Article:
Producing solar cells and modules is expensive. Therefore, it is essential that modules last as long as possible, at least 25 years.
Engineering teams around the world are now investigating new technologies and production methods to make cells and modules cheaper, more efficient, more durable and reliable.
Researchers from the Fraunhofer Center for Sustainable Energy Systems and Dow Corning Corporation said they are working on materials to protect solar cells from environmental influences. Silicone appears as one of the most promising materials.
So far, photovoltaics modules have been encapsulated with silicones but they were not commonly used for laminating solar modules, researchers said. Today, most manufacturers of photovoltaic cells use ethylene-vinyl acetate, or EVA.
As part of their research, Fraunhofer and Dow Corning Corp. scientists said they coated photovoltaic cells with liquid silicone and observed that when the silicone hardens, it encases the cells. The electronic components then have optimal protection.
The experts at CSE constructed prototypes from the silicone-laminated cells, and tested these photovoltaic modules in a climate chamber at low temperatures and under cyclic loads. The module performance was then tested with a light flasher.
In parallel, researchers said they used electro-luminescence-imaging for the detection of micro cracks. A comparison of the results with those of conventional solar modules proved that silicone-encased photovoltaic modules are more resistant to cyclic loading of the type modules experience in strong winds, in particular at a frosty minus 40 degrees Celsius.
Eventually, researchers from Fraunhofer and Dow Corning Corp. claimed they have demonstrated that silicone lamination is well-suited for certain applications, because the silicone protects the fragile components on the inside well, and moreover, withstands severe temperature fluctuations. With this technology it is possible, for instance, to make modules with thin Si cells more robust.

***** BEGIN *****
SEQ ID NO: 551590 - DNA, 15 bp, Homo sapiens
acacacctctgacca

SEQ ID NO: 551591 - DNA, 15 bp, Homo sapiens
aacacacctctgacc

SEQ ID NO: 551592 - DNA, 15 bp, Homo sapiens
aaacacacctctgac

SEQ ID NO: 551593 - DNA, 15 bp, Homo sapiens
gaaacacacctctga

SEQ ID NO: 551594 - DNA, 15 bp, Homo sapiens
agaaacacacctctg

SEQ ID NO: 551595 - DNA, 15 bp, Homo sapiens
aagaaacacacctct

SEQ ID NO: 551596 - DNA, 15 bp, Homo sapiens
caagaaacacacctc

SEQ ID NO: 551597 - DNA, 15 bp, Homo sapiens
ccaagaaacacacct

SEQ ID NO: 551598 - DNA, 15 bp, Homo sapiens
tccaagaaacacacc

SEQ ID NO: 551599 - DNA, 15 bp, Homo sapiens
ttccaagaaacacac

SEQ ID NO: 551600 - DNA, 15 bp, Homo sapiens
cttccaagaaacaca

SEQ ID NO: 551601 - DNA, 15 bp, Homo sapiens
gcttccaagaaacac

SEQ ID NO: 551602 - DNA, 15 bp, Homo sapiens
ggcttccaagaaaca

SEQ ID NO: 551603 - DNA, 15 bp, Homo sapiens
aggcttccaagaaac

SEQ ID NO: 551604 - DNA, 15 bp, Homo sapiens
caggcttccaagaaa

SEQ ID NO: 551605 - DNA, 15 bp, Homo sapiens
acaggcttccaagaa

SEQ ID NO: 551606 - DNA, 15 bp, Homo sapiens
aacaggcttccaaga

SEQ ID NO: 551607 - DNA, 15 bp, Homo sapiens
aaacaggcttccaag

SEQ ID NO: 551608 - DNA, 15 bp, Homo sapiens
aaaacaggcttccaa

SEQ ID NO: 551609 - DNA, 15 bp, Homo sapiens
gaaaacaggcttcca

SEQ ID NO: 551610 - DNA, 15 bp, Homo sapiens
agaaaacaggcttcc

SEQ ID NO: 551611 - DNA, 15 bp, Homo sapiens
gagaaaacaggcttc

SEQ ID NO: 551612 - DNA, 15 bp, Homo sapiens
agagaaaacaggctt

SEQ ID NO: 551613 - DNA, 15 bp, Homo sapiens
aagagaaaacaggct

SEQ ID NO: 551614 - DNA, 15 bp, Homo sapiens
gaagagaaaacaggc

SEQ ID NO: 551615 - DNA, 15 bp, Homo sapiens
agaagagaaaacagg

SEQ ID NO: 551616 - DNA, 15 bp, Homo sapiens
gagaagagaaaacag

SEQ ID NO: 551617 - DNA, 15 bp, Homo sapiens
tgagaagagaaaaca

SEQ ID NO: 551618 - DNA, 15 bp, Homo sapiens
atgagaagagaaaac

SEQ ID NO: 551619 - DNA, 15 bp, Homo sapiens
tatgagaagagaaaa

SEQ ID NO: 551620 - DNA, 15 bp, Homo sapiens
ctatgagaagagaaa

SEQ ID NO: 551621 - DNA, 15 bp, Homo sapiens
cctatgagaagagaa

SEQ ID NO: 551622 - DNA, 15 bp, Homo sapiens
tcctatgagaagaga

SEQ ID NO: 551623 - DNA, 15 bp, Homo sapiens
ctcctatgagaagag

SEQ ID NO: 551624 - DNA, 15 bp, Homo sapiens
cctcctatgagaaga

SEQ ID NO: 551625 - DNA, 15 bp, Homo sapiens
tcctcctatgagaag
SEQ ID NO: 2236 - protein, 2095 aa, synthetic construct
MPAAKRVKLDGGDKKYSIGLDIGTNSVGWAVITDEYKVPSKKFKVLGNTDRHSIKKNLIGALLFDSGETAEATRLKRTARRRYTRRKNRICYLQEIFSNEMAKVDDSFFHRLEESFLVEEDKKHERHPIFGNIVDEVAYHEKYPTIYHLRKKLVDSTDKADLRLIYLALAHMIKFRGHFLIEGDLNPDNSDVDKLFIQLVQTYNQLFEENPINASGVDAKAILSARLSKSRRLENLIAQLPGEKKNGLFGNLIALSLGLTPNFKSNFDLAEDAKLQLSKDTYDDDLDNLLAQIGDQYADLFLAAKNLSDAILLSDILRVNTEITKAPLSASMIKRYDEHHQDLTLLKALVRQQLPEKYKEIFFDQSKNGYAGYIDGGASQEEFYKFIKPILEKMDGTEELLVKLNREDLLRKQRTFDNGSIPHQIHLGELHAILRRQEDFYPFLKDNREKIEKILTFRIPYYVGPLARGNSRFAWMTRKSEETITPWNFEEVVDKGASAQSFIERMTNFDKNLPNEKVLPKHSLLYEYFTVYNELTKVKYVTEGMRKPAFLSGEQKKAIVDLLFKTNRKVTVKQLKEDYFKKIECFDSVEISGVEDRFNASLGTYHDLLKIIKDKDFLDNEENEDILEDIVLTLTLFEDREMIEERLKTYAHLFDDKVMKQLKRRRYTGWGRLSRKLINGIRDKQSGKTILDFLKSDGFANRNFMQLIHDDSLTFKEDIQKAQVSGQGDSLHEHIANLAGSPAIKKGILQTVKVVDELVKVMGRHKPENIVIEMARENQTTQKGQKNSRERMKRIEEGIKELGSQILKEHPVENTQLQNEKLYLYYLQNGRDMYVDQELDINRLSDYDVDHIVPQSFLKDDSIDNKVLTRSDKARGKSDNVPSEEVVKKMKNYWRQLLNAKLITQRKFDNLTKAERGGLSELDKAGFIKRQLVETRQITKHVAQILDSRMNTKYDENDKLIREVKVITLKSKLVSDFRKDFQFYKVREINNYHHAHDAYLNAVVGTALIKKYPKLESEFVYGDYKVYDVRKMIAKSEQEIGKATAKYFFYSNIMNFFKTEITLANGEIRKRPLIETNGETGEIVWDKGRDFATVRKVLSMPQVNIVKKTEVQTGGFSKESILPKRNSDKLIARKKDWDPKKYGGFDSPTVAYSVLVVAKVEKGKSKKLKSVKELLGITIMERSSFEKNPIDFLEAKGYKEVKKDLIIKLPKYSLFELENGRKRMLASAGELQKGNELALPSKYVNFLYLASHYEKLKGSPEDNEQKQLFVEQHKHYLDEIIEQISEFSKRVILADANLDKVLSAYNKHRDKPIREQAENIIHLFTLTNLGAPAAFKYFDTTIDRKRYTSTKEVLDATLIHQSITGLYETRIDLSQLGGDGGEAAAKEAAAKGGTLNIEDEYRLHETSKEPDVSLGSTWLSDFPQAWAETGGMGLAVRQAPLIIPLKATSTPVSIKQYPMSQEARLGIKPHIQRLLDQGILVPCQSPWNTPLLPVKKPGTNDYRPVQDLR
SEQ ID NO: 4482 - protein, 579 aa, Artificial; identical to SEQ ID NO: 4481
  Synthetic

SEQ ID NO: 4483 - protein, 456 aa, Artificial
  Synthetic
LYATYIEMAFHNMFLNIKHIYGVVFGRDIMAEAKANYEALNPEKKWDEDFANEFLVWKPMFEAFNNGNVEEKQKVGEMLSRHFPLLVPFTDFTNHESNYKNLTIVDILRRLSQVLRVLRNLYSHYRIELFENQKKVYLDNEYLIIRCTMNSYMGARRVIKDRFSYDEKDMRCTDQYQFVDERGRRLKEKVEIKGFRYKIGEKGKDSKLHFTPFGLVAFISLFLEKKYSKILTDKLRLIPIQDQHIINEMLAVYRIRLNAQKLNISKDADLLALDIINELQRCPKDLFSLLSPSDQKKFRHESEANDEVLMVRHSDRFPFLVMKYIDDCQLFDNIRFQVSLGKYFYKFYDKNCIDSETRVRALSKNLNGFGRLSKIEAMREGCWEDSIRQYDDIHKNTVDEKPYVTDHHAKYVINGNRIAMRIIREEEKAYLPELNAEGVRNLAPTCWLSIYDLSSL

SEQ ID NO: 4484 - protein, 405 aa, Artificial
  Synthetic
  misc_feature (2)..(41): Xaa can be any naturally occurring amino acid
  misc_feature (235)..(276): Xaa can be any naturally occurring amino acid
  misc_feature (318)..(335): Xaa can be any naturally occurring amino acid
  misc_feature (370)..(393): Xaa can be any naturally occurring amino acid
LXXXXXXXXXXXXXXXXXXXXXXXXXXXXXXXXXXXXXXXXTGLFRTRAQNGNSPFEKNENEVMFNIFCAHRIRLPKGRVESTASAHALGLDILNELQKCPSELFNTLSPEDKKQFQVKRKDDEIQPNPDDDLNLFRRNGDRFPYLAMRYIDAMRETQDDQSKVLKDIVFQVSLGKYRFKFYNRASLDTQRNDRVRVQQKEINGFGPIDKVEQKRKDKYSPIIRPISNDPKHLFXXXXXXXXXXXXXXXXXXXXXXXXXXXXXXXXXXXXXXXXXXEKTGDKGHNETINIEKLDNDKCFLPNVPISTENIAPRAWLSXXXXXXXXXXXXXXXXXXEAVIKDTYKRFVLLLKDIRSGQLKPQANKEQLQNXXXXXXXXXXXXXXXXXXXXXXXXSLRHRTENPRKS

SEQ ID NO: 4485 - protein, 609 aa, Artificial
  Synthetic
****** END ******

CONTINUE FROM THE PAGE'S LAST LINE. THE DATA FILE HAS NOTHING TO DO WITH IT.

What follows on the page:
If you found this article to be of interest, visit SmartEnergy Designline
where you will find the latest and greatest design, technology,
product, and news articles with regard to all aspects of clean
technologies. And, to register to our weekly newsletter, click here.
To @Neo1, is not the cheap oil, it is the cheap natural gas that is killing everything including solar and wind...as an example the payback time on solar panel in Vancouver, BC where I live is 32 years! ...this is calculated based on constant solar output over those 32 years so it doesn't include effiency drop off that the article discusses...Kris
Oh yeah, we can go around fantasizing all we want but solar has a long way to go to make it feasible for mass deployment across countries. It's hard work, I know, but each small progress takes us a little bit closer to that goal.
I bet that cheap oil is killing this industry..
David Patterson, known for his pioneering research that led to RAID, clusters and more, is part of a team at UC Berkeley that recently made its RISC-V processor architecture an open source hardware offering. We talk with Patterson and one of his colleagues behind the effort about the opportunities they see, what new kinds of designs they hope to enable and what it means for today’s commercial processor giants such as Intel, ARM and Imagination Technologies.